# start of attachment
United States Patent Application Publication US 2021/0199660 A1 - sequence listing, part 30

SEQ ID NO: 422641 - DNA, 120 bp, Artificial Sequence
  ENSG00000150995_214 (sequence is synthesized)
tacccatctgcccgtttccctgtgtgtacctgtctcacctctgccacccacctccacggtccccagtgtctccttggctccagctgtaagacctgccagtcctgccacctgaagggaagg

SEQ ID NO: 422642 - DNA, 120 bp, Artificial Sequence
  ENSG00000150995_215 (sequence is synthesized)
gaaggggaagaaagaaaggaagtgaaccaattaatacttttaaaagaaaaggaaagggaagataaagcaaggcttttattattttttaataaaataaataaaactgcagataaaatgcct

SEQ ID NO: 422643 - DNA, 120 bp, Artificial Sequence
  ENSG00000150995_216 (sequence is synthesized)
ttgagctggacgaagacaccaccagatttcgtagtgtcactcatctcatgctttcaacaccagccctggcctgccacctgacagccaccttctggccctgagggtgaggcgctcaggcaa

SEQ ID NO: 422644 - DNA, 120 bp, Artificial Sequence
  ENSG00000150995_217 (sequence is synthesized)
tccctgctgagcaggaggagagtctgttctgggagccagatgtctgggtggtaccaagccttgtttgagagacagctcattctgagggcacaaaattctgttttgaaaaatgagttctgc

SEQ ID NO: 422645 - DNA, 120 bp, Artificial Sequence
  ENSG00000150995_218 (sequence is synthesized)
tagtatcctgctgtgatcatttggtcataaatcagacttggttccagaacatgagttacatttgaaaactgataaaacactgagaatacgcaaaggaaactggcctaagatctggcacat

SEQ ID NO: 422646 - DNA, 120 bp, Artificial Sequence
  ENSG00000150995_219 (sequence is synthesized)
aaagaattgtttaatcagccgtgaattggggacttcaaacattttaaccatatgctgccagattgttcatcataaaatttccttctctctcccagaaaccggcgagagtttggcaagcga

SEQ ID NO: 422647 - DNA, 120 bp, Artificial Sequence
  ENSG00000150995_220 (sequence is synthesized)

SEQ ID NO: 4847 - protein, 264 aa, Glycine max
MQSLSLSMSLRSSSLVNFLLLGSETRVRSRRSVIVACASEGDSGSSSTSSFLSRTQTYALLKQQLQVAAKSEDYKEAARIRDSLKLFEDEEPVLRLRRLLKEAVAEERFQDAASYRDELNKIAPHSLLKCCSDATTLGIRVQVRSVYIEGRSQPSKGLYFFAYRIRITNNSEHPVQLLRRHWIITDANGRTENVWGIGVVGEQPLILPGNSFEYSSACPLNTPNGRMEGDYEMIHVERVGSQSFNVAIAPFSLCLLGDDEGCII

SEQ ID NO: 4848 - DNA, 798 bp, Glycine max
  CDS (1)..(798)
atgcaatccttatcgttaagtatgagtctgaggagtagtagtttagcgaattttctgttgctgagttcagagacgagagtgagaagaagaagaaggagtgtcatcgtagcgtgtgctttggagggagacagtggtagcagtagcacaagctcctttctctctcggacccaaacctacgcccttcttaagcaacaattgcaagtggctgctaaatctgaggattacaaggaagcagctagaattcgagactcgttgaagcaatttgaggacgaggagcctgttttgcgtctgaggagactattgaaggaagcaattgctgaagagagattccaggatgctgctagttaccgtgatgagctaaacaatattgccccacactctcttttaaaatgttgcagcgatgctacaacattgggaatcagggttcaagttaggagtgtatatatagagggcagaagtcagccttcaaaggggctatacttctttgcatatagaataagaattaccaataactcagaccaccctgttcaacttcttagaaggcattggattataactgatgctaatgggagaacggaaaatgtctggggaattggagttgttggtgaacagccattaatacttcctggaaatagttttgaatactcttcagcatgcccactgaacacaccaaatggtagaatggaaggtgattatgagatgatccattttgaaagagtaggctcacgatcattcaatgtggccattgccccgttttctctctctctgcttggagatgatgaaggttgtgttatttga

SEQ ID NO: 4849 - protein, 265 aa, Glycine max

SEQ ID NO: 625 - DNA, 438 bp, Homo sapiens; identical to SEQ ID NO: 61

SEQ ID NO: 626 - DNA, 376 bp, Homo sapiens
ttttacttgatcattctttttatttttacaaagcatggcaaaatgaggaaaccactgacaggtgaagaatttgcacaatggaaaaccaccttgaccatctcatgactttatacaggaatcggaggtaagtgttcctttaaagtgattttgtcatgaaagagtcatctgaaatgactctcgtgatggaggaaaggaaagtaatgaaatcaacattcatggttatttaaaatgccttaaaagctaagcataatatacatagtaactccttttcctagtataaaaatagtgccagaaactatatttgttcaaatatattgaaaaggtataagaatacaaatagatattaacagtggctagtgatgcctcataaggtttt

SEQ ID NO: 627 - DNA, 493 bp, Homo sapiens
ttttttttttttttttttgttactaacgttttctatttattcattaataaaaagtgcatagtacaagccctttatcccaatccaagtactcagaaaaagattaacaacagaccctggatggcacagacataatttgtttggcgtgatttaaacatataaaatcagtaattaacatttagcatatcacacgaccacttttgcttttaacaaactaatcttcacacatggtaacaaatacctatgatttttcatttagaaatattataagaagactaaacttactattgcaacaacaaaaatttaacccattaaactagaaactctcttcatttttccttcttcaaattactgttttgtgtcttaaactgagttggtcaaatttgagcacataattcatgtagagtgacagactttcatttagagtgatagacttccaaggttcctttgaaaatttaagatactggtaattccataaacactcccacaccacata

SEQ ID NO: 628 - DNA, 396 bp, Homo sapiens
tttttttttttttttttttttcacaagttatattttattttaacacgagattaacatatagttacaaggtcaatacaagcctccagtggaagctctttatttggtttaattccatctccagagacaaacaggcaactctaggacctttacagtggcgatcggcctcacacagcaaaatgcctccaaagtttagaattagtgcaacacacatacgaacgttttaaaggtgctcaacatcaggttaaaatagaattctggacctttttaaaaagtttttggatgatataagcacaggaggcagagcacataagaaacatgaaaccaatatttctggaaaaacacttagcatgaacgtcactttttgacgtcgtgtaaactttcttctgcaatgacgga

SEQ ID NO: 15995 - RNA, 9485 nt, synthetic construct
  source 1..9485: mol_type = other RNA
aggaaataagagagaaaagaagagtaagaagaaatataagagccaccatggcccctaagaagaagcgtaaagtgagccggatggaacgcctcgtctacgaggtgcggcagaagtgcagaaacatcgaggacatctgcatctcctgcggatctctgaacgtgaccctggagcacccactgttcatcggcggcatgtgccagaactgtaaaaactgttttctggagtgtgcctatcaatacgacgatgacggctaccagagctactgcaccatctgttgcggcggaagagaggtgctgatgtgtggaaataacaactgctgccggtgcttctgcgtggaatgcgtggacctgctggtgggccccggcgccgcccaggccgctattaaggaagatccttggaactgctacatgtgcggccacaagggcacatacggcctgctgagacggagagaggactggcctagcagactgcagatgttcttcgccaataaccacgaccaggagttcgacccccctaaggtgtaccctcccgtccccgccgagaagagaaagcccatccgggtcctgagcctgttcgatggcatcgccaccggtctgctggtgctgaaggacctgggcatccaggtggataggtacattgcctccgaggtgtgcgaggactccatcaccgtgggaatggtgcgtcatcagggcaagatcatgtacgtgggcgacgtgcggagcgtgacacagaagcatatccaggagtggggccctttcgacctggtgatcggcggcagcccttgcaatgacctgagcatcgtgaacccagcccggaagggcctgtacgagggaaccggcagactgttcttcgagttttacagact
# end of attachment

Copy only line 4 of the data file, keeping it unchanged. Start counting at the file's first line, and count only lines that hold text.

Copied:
tacccatctgcccgtttccctgtgtgtacctgtctcacctctgccacccacctccacggtccccagtgtctccttggctccagctgtaagacctgccagtcctgccacctgaagggaagg